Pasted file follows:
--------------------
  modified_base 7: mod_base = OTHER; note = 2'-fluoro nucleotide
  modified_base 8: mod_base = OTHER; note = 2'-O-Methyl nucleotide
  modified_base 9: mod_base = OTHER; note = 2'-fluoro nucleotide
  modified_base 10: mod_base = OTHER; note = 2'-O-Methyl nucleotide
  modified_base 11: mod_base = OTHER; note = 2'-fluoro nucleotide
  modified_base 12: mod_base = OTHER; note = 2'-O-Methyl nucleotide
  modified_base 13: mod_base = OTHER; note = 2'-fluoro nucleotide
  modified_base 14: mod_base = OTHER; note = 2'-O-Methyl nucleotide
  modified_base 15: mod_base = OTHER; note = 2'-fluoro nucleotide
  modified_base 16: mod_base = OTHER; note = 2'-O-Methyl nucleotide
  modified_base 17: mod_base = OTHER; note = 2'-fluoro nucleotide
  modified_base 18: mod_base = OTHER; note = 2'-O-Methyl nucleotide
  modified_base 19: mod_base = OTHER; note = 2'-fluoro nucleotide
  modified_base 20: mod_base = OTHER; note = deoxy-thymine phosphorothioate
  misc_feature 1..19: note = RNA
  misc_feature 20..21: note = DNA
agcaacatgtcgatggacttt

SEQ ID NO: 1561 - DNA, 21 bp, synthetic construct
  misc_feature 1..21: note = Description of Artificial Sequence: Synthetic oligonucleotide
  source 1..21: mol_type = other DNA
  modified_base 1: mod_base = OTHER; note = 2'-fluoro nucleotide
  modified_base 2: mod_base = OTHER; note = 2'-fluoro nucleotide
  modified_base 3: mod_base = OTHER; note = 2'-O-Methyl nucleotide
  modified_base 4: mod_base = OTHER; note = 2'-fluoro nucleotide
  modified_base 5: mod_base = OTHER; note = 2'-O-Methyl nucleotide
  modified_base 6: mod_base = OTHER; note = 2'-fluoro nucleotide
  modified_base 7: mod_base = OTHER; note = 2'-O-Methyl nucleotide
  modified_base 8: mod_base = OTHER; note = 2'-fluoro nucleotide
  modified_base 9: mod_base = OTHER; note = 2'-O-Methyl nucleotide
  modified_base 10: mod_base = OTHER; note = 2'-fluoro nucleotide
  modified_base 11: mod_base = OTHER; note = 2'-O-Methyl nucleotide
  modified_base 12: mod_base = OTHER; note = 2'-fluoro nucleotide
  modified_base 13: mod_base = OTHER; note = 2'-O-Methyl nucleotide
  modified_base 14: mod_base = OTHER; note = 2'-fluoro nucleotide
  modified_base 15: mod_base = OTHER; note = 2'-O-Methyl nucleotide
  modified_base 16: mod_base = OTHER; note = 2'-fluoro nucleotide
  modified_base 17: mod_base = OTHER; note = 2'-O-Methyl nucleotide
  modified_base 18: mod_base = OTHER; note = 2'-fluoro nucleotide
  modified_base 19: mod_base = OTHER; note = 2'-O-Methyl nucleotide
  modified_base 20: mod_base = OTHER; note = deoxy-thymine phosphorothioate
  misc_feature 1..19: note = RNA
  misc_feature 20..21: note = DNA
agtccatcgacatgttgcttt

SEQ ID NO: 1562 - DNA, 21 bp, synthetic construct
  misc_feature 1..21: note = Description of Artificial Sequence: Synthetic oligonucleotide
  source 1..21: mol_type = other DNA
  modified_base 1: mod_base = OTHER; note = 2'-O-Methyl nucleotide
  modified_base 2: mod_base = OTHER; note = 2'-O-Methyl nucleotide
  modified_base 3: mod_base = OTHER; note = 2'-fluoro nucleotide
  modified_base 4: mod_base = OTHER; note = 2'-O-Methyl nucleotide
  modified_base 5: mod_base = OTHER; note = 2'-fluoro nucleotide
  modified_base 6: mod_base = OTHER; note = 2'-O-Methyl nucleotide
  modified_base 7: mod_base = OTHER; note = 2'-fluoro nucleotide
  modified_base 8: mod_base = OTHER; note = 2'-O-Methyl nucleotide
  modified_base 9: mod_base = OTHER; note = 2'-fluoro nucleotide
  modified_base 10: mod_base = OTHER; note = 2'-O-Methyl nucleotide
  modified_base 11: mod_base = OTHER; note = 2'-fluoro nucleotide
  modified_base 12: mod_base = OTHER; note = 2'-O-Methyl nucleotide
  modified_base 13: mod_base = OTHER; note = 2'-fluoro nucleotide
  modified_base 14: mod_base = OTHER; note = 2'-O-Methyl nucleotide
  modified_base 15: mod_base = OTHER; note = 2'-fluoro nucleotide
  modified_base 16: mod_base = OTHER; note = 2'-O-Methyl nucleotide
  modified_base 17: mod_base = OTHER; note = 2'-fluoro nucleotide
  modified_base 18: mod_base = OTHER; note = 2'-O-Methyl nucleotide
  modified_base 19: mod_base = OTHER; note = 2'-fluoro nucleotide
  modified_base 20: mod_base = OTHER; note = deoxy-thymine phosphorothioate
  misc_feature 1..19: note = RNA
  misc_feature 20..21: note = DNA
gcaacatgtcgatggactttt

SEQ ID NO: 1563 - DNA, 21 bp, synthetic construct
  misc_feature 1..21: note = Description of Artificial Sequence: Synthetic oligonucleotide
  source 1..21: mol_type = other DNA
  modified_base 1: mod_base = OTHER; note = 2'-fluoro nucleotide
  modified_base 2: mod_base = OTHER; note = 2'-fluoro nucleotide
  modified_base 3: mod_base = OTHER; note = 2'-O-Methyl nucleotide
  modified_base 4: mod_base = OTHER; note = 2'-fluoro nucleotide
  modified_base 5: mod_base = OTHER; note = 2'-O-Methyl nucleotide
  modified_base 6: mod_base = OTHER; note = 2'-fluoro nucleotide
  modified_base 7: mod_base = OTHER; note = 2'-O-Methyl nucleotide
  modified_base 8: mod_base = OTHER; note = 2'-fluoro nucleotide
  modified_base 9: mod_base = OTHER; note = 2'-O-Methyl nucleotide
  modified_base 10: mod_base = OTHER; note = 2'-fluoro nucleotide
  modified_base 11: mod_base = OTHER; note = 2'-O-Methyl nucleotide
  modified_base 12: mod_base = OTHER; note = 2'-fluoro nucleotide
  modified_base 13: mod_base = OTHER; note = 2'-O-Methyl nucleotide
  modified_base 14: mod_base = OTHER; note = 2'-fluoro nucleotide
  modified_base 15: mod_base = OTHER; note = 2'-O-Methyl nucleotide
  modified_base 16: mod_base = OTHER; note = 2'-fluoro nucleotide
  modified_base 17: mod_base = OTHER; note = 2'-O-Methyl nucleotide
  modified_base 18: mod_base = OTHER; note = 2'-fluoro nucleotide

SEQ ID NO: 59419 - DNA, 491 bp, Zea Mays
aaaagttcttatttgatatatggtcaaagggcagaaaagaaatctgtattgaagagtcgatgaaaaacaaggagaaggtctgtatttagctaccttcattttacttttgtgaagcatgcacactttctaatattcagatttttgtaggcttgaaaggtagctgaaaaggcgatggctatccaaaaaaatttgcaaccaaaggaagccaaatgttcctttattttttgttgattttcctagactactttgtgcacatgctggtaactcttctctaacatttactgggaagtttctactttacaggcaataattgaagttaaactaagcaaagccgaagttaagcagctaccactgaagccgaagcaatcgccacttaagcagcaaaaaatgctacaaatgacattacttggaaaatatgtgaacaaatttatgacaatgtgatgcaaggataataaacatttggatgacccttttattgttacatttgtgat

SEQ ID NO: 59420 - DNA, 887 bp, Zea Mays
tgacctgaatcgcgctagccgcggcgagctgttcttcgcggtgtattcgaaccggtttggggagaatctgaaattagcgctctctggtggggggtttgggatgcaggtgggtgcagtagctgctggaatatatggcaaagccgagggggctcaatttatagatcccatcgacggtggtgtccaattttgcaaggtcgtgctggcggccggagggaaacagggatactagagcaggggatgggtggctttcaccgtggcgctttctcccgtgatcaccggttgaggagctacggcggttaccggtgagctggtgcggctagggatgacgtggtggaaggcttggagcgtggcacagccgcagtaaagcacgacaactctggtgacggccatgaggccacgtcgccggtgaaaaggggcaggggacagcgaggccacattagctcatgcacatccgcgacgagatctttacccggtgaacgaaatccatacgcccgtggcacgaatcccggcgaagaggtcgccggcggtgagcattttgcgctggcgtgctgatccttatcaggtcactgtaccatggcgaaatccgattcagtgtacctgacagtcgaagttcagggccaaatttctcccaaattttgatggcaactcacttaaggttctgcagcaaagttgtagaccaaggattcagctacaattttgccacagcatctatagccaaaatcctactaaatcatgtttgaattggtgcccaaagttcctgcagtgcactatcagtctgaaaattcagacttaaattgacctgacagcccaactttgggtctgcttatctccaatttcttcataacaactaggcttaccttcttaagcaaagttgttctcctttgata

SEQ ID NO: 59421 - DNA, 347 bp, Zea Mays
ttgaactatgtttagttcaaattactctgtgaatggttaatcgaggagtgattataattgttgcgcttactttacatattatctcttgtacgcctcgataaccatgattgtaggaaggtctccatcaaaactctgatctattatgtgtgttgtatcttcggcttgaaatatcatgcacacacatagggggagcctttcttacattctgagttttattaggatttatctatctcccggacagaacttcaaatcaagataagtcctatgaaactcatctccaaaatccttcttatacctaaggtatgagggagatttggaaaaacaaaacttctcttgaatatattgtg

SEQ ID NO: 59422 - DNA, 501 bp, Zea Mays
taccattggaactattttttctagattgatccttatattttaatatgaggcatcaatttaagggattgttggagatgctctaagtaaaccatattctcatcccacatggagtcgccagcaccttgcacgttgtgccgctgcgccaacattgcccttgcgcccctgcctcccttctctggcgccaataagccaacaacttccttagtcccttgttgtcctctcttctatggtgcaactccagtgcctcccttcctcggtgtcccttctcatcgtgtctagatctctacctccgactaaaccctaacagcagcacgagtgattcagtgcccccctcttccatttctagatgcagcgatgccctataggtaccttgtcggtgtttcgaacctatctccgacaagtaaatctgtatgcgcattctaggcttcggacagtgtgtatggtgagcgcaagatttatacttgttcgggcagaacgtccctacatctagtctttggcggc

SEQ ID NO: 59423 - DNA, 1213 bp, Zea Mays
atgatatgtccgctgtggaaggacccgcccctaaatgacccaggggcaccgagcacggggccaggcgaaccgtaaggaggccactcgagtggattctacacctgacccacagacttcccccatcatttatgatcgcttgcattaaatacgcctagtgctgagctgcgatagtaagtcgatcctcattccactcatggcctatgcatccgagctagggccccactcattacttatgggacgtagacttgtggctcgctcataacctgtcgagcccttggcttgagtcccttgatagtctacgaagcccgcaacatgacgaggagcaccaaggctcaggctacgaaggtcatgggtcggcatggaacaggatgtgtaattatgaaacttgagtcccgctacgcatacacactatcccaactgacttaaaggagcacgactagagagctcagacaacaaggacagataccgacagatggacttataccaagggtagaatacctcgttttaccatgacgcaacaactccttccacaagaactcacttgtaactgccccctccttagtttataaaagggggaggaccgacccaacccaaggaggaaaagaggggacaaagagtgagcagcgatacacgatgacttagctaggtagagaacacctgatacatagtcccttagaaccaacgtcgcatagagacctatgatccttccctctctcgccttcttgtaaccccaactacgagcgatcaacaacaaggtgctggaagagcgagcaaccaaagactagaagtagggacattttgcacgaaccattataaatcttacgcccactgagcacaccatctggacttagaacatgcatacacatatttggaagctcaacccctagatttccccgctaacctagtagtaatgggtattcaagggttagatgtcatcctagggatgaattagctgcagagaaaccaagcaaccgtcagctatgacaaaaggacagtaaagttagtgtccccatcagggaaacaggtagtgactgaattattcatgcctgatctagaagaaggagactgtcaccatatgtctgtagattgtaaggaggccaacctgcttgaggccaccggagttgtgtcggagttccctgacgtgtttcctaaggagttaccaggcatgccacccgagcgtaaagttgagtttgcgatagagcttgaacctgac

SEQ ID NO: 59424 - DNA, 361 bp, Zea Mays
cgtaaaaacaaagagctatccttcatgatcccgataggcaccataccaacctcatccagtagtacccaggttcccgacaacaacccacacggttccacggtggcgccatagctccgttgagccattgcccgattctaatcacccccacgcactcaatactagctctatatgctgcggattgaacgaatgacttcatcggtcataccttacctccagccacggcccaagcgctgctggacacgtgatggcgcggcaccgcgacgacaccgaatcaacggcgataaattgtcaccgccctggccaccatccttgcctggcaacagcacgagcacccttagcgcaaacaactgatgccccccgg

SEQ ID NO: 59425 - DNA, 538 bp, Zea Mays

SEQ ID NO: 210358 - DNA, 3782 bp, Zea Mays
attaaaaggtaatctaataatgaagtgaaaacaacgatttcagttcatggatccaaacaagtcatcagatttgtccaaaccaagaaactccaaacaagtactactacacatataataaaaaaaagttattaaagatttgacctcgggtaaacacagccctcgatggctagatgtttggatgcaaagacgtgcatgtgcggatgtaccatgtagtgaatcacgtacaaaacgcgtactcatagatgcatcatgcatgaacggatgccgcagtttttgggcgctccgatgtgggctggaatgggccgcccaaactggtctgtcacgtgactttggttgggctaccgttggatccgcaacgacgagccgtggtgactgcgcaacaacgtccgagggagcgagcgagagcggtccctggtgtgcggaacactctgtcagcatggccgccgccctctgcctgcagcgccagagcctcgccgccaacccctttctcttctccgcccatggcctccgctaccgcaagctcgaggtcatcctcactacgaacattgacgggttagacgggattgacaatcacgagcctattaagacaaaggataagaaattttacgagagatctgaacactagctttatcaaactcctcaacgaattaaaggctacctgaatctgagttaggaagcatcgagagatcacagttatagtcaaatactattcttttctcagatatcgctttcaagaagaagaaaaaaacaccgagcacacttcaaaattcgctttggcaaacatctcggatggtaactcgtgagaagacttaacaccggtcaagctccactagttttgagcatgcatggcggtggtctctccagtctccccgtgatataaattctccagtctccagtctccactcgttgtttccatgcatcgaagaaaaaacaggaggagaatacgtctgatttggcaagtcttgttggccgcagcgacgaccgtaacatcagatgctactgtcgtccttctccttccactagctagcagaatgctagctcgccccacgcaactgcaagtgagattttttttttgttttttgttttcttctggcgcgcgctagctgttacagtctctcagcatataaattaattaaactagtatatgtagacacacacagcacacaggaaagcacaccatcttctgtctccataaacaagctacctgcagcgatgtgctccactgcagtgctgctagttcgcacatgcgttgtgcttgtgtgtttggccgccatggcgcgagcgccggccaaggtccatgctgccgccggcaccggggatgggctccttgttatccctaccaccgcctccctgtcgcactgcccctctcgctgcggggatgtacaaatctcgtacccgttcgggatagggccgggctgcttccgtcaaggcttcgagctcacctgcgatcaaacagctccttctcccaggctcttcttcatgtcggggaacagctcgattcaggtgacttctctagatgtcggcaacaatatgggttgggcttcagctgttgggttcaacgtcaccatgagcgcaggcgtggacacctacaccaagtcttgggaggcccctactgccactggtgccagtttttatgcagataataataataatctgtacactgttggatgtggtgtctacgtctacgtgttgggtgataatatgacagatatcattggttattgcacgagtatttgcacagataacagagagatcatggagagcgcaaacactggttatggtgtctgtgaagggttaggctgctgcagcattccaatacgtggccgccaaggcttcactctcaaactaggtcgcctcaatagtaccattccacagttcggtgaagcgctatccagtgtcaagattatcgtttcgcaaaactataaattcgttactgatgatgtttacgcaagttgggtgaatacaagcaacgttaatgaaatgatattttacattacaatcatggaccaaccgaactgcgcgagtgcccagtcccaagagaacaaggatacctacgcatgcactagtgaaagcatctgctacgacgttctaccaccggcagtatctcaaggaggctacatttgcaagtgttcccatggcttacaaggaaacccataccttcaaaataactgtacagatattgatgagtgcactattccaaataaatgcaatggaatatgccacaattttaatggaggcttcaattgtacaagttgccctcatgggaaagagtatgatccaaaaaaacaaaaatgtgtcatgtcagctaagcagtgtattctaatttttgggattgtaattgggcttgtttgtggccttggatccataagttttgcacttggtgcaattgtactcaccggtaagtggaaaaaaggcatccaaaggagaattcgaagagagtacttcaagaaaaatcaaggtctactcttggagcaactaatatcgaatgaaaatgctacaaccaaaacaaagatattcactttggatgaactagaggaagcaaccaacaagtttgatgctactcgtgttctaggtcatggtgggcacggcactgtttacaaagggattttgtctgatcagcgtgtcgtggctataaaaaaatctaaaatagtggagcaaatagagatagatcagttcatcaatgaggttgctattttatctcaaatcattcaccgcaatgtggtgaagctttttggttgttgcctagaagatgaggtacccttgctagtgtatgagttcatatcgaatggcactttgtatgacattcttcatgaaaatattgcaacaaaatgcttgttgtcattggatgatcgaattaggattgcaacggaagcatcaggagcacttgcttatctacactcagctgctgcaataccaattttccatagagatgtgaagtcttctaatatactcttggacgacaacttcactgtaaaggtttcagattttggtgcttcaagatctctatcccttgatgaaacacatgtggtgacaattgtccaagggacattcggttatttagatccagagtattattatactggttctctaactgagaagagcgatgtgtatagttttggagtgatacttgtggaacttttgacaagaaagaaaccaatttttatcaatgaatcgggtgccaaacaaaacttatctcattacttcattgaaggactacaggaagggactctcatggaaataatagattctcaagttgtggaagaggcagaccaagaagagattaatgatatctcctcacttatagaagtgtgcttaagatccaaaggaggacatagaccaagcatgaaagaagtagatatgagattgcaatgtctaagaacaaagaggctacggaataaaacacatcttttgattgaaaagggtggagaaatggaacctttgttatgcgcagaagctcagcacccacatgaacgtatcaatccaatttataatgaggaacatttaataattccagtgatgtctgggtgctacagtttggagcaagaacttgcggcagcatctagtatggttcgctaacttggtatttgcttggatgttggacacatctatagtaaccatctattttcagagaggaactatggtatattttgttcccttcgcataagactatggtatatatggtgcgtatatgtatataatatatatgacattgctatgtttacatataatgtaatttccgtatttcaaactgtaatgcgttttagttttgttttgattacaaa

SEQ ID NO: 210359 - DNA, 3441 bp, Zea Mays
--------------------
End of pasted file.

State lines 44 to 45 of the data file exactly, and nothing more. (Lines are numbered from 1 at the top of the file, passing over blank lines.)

SEQ ID NO: 1562 - DNA, 21 bp, synthetic construct
  misc_feature 1..21: note = Description of Artificial Sequence: Synthetic oligonucleotide